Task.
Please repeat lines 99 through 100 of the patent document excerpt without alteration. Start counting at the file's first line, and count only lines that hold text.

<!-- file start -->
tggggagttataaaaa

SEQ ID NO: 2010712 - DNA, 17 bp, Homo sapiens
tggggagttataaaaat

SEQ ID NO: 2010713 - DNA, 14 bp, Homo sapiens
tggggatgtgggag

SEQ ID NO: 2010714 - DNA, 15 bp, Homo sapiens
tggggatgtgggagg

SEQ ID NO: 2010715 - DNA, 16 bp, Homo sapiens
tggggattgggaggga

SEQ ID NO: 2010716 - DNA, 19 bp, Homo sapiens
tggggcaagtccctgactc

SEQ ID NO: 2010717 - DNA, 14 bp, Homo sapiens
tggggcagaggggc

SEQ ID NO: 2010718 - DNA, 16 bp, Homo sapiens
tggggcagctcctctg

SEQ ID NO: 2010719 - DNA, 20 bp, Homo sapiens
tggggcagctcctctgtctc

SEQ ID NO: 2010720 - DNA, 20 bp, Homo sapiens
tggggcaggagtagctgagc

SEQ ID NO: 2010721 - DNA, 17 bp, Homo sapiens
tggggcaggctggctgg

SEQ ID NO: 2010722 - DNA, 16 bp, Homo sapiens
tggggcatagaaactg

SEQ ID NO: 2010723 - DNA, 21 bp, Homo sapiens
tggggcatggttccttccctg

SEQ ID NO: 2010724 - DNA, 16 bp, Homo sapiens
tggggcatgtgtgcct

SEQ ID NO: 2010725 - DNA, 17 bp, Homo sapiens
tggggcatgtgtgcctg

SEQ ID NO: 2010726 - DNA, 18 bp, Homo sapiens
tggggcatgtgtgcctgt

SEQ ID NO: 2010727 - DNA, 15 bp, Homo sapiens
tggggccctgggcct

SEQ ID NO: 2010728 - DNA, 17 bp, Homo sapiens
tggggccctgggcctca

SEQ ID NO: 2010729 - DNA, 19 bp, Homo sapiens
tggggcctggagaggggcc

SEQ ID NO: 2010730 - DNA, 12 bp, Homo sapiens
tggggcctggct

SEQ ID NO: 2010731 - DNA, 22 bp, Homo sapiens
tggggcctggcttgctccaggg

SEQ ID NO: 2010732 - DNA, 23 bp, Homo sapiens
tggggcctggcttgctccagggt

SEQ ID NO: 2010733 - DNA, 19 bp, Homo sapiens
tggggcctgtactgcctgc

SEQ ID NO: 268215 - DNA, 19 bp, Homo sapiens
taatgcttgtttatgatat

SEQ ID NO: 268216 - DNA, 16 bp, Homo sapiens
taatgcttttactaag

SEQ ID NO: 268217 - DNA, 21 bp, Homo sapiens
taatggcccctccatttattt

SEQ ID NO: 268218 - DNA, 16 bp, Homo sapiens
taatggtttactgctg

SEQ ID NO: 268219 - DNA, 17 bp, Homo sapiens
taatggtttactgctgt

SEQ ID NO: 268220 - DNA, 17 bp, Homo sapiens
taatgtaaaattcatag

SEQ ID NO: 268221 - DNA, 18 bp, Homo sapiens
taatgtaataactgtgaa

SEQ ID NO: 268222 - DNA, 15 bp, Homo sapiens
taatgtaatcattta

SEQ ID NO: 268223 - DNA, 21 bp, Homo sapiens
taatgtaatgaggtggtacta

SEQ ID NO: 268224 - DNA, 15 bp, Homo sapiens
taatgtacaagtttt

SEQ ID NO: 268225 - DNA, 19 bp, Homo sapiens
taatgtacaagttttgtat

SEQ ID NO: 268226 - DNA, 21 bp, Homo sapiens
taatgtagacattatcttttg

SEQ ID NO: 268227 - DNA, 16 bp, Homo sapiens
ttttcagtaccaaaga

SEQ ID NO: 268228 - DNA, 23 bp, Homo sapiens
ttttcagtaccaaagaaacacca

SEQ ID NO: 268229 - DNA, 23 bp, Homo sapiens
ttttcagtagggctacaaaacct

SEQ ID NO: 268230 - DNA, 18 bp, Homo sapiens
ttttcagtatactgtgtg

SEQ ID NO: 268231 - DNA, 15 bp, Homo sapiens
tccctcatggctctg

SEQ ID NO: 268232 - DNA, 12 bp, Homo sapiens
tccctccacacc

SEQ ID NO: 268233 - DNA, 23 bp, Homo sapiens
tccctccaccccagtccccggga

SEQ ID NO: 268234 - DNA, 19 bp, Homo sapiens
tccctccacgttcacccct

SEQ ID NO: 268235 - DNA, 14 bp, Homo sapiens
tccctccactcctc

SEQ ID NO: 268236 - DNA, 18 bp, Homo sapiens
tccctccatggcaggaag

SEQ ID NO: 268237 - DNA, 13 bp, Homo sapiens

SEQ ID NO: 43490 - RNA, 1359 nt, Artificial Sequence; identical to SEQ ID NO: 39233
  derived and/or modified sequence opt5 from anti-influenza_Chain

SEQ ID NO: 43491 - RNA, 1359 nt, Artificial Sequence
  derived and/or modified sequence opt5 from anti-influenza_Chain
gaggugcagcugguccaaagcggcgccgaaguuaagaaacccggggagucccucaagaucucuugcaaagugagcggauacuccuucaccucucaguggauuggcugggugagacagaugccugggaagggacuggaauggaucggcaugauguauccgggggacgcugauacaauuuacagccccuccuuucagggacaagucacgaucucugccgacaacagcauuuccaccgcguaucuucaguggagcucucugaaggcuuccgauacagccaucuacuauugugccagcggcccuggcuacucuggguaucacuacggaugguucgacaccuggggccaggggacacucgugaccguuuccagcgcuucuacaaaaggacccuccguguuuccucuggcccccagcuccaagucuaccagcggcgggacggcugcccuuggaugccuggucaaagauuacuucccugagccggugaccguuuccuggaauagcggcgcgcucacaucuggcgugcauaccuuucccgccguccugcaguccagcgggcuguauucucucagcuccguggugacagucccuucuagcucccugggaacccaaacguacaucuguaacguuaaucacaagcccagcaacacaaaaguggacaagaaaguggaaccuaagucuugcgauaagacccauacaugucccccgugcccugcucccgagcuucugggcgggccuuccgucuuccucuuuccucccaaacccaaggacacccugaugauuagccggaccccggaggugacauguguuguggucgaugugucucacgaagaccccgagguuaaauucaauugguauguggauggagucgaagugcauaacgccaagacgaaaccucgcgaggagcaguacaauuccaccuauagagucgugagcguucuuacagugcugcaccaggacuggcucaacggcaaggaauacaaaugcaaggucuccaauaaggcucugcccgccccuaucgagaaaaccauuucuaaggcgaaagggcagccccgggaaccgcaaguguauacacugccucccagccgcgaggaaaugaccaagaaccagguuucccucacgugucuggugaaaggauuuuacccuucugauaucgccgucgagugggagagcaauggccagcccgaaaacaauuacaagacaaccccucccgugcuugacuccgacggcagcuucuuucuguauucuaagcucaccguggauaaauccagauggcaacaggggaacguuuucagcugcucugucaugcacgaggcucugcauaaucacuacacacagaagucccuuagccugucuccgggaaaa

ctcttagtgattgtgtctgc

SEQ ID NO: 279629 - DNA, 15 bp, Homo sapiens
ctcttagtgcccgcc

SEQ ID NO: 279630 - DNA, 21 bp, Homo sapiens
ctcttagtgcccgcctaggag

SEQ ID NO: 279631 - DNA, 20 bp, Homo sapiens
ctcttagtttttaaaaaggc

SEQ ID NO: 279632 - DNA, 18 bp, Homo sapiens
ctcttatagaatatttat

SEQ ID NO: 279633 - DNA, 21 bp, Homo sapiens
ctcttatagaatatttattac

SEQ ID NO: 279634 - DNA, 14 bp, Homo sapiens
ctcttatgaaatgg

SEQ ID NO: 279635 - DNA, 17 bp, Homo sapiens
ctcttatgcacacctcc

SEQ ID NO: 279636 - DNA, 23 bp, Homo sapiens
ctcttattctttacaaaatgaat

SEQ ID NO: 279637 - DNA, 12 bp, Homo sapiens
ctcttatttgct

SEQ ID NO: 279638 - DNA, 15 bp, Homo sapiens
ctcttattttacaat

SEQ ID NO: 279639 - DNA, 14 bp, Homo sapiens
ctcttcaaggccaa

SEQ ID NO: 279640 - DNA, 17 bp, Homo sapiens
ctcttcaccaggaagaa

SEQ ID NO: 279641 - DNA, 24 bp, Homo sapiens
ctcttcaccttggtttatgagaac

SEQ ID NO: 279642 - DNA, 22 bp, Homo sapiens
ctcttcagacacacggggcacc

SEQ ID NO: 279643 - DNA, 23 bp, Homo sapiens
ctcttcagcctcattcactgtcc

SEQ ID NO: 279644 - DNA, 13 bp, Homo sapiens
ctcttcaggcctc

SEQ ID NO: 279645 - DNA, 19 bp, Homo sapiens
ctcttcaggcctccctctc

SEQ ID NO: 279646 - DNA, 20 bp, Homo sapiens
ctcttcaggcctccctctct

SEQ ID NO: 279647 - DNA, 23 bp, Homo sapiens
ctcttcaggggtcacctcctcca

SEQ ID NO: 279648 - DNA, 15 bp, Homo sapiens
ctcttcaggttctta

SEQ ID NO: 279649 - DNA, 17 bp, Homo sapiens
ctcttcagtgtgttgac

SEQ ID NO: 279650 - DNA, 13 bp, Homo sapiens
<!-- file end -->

SEQ ID NO: 279630 - DNA, 21 bp, Homo sapiens
ctcttagtgcccgcctaggag